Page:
It all began with Covid, or at least with the limitations put upon us in order to limit the virus’ spread. Our local group of pilgrim enthusiasts, called Ultreia Mancunia, had been developing nicely, with regular get togethers and walks. Then came Covid. We’d already moved our gatherings on to Zoom but we were still managing the walks, although adjusting the group size. Then came tier 2, tier 3 and worse! We could only walk alone or with one more!

exterior of st james church daisy hill

We had to change things. From having walks to get to know each other, to discuss all things Camino, and to visit interesting places, often connected with historic buildings and/or St James, we’ve gone for the latter… full-time!

With Tony and Parveen, two other pilgrim-enthusiast friends, I did a walk last week, in the pouring rain, to visit one of our closest St James’ churches, the one at Daisy Hill (don’t you love that name!), near Westhoughton. It’s a very distinctive church, being totally in brick and having a triple bell tower which is a prominent local landmark.

bulletin board for st james daisy hill

It was closed, of course, but the information & posters on its noticeboard suggested a well-loved church. Booklets have been produced on its history and its stained glass, it has a website, has regular food bank collections, plus it had an up-to-date request for knitted hats to go into Operation Christmas Child shoeboxes.

I went onto the website, found this pilgrim prayer – a very attractive stained-glass window, plus this St James icon!

icon of st james

From the Office of the Pilgrim, Cathedral of Santiago de Compostela

Pilgrim’s Payer adapted for St James the Great church Daisy Hill

St James, Apostle

chosen among the first,

you were the first to drink the cup of the Master,

and you are the great protector of pilgrims;

make us strong in the faith and happy in hope

on our pilgrims’ journey

following the path of Christian life.

Feed us, so that through your intersession

we may find the strength to restore

and grow this church in Daisy Hill, dedicated to your name.


From the website I also got the pattern for the beanie hats for the shoe boxes. I thought about the knitted teddies I’d also made; would they be acceptable? When and how were the items to be delivered? I phoned up the vicar, Carol, and she gave me the telephone number for the shoebox contact, Judith.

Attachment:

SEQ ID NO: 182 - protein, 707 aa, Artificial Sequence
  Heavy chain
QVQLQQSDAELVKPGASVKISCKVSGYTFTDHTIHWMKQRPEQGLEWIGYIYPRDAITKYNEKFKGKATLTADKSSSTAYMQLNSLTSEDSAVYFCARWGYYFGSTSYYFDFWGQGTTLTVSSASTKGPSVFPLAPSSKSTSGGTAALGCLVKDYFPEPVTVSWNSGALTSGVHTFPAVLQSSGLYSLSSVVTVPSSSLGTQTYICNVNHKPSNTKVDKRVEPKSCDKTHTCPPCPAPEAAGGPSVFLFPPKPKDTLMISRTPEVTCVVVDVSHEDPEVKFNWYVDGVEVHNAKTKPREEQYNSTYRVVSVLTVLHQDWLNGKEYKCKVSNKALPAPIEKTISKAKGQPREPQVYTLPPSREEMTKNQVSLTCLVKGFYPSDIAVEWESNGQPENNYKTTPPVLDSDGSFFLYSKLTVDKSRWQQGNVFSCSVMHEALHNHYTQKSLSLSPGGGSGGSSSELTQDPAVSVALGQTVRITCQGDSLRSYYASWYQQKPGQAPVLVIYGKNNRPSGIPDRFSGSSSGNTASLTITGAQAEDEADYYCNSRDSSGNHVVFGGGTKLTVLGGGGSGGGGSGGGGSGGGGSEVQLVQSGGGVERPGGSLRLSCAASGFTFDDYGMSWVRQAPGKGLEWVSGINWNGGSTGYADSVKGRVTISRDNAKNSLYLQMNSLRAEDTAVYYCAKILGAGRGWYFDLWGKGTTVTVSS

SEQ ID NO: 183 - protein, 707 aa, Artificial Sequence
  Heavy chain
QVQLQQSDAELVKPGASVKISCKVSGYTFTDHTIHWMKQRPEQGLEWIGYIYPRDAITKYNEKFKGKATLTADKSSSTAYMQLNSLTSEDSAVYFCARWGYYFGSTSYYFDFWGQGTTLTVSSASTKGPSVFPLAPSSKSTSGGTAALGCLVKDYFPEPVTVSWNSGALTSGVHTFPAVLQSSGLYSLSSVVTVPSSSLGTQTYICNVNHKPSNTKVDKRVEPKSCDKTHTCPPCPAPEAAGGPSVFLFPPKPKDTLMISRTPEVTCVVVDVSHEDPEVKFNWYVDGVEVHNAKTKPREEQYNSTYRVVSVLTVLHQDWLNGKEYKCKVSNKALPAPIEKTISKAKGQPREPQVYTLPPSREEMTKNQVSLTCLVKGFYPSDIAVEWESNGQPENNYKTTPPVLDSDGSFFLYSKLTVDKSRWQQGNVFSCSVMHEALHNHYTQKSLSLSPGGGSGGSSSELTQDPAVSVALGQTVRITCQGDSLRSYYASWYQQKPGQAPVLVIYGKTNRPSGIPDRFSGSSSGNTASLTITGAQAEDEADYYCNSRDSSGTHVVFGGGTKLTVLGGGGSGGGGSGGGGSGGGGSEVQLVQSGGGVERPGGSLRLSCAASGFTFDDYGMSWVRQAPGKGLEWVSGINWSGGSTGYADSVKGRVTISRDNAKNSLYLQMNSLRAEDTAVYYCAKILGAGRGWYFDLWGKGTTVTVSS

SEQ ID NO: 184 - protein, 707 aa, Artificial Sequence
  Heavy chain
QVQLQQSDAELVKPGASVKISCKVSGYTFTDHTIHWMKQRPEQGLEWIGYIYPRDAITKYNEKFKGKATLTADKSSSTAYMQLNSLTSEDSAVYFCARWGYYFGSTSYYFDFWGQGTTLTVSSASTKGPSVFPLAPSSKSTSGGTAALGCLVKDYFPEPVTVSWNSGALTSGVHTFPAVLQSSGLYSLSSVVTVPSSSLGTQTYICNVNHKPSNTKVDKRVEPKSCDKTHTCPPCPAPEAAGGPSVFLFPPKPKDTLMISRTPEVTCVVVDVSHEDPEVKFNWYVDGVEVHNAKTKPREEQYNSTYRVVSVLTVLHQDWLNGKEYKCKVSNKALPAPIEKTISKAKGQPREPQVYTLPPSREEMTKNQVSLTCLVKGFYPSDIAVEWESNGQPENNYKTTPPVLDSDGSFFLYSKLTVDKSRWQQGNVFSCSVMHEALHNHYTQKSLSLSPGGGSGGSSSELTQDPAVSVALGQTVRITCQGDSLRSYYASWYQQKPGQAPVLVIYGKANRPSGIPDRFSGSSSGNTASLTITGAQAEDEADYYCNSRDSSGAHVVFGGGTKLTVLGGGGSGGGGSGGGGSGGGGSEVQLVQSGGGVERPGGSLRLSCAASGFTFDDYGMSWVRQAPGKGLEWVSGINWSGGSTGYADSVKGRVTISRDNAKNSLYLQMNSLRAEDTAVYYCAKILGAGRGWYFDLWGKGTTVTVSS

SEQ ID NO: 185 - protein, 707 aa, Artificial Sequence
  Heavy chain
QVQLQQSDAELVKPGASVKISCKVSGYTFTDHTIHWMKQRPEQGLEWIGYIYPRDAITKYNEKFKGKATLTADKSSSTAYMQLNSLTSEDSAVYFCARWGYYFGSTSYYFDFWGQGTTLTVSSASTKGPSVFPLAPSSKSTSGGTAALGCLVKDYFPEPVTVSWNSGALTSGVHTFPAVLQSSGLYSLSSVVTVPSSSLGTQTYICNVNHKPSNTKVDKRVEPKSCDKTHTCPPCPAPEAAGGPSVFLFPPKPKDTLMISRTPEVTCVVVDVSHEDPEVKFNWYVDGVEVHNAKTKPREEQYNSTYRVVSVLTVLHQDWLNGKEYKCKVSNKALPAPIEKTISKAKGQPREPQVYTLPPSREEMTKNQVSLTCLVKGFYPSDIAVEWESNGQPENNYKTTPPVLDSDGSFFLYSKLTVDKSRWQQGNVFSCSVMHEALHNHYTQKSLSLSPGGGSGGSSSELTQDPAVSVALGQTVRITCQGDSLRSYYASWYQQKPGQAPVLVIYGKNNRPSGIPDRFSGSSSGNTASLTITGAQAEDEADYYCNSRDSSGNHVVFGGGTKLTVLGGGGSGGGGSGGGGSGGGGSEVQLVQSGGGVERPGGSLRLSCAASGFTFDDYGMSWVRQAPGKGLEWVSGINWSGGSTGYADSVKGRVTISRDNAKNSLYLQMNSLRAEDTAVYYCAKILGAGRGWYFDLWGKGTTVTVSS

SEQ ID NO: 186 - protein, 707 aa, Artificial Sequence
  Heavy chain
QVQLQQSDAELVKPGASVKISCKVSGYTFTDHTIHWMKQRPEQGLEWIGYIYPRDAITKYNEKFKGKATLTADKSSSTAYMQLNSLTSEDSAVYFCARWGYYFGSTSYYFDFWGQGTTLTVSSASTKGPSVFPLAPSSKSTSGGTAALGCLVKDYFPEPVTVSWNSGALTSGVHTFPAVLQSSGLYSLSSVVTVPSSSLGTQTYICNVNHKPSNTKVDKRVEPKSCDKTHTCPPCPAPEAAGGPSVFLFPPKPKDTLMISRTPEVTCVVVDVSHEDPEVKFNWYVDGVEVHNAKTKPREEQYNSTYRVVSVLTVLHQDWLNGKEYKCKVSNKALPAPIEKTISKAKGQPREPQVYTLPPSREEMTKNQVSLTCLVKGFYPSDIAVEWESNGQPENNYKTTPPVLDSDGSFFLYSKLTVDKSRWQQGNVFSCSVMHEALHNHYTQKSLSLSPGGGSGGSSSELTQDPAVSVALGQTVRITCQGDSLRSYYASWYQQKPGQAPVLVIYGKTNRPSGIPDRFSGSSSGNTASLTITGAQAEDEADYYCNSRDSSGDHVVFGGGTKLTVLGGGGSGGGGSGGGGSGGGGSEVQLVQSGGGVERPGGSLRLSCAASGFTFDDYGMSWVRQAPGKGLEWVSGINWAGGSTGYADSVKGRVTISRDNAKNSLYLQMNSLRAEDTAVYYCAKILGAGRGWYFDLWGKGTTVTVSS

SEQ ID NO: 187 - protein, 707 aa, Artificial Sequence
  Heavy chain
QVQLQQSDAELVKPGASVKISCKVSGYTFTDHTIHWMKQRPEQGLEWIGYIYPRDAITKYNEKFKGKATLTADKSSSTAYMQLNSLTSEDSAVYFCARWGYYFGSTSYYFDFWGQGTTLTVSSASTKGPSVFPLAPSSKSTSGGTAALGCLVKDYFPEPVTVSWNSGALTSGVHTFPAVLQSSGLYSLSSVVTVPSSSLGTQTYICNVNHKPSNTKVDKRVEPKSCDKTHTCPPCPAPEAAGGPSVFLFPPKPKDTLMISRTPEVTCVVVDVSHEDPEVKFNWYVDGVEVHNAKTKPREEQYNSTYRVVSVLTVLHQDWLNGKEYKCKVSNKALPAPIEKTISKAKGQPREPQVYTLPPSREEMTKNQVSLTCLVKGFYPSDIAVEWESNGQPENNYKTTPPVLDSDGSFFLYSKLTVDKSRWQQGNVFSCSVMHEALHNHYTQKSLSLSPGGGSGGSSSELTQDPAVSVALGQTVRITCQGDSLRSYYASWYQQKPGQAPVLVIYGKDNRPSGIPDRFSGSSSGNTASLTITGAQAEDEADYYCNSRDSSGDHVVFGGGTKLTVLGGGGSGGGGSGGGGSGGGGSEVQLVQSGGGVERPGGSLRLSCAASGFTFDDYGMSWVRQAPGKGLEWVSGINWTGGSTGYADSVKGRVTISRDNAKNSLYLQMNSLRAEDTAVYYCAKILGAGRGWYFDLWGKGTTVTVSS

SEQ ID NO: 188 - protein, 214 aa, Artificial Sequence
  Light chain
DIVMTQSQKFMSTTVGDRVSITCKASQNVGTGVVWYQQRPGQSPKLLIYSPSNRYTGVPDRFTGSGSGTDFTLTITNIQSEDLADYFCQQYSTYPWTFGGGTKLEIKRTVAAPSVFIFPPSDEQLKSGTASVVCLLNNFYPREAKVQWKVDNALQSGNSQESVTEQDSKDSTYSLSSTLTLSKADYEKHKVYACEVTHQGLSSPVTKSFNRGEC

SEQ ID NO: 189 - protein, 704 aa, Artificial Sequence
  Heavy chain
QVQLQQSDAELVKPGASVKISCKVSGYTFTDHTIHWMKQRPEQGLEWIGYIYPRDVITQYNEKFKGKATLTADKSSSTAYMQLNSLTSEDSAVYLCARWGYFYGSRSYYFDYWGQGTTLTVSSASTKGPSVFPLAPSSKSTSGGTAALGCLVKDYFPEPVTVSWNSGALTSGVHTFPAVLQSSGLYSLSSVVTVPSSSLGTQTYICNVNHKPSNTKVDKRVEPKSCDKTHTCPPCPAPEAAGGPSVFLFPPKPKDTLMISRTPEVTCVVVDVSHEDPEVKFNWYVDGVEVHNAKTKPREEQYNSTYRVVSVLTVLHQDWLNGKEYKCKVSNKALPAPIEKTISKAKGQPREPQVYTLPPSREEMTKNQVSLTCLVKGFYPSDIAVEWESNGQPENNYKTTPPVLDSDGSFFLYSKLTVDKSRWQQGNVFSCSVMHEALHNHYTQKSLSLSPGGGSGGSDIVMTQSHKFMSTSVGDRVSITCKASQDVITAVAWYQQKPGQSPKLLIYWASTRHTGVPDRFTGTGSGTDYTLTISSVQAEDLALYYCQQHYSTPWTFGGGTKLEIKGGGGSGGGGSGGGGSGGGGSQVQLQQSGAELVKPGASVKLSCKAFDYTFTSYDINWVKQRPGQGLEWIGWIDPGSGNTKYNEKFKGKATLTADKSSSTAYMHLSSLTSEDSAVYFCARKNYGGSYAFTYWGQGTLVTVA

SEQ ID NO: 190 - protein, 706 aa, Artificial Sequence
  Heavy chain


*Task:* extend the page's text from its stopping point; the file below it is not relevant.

We had an amazing phone conversation! Yes, the teddies would be more than acceptable, the things could be delivered on Saturday, 7th November – that was today! – as the church would be open for its foodbank donations. I could see inside!! Not only that but Judith and a couple of friends had been planning doing the Camino this year and were overjoyed when I could tell them about Ultreia Mancunia, etc.

wide view of stained glass window st james daisy hill

Zoomed view of St James in Stained Glass

My visit was such a success! The sun was shining, it showed off the stained-glass window to perfection, a window created by Morris and Co!
St James - S. JACOBUS - is on the left.

I was given a guided tour, but where was the icon? As I was leaving, its maker, its creator, Glenys Latham, arrived! It was all meant to be!

Standing in the aisle, well socially distanced and masked-up, I began to get the full story of the St James icon.

She’d discovered an icon-painting retreat/course in Ryland Hall, Cumbria, led by Rev. Christopher Perrins

“Chris Perrins originally trained as an accountant. He was ordained deacon in 2003 and priest in 2004. He served in a number of parishes in the Diocese of Liverpool. Chris has a Diploma in Icon and Wall Painting from the Prince’s School of Traditional Arts. Having always enjoyed art in one form or another, he first painted an icon in 2005 at a course given by Christi Paslaru.”

The course is aimed at beginners, but those with more experience are very welcome. Each person will paint an icon using traditional techniques of egg tempera on a gessoed board, using the proplasmos technique, with gold leaf for the background.

The course was one week, and took place about five years ago. She was so taken with it that she signed up for a second week, immediately following, and, four courses later, was satisfied with her St James icon, which is normally displayed in the church on heritage weekend.

icons of saints laid out on table

What an amazing discovery I’ve had – with the church, its contents and its enthusiasts! 
Barbara Jones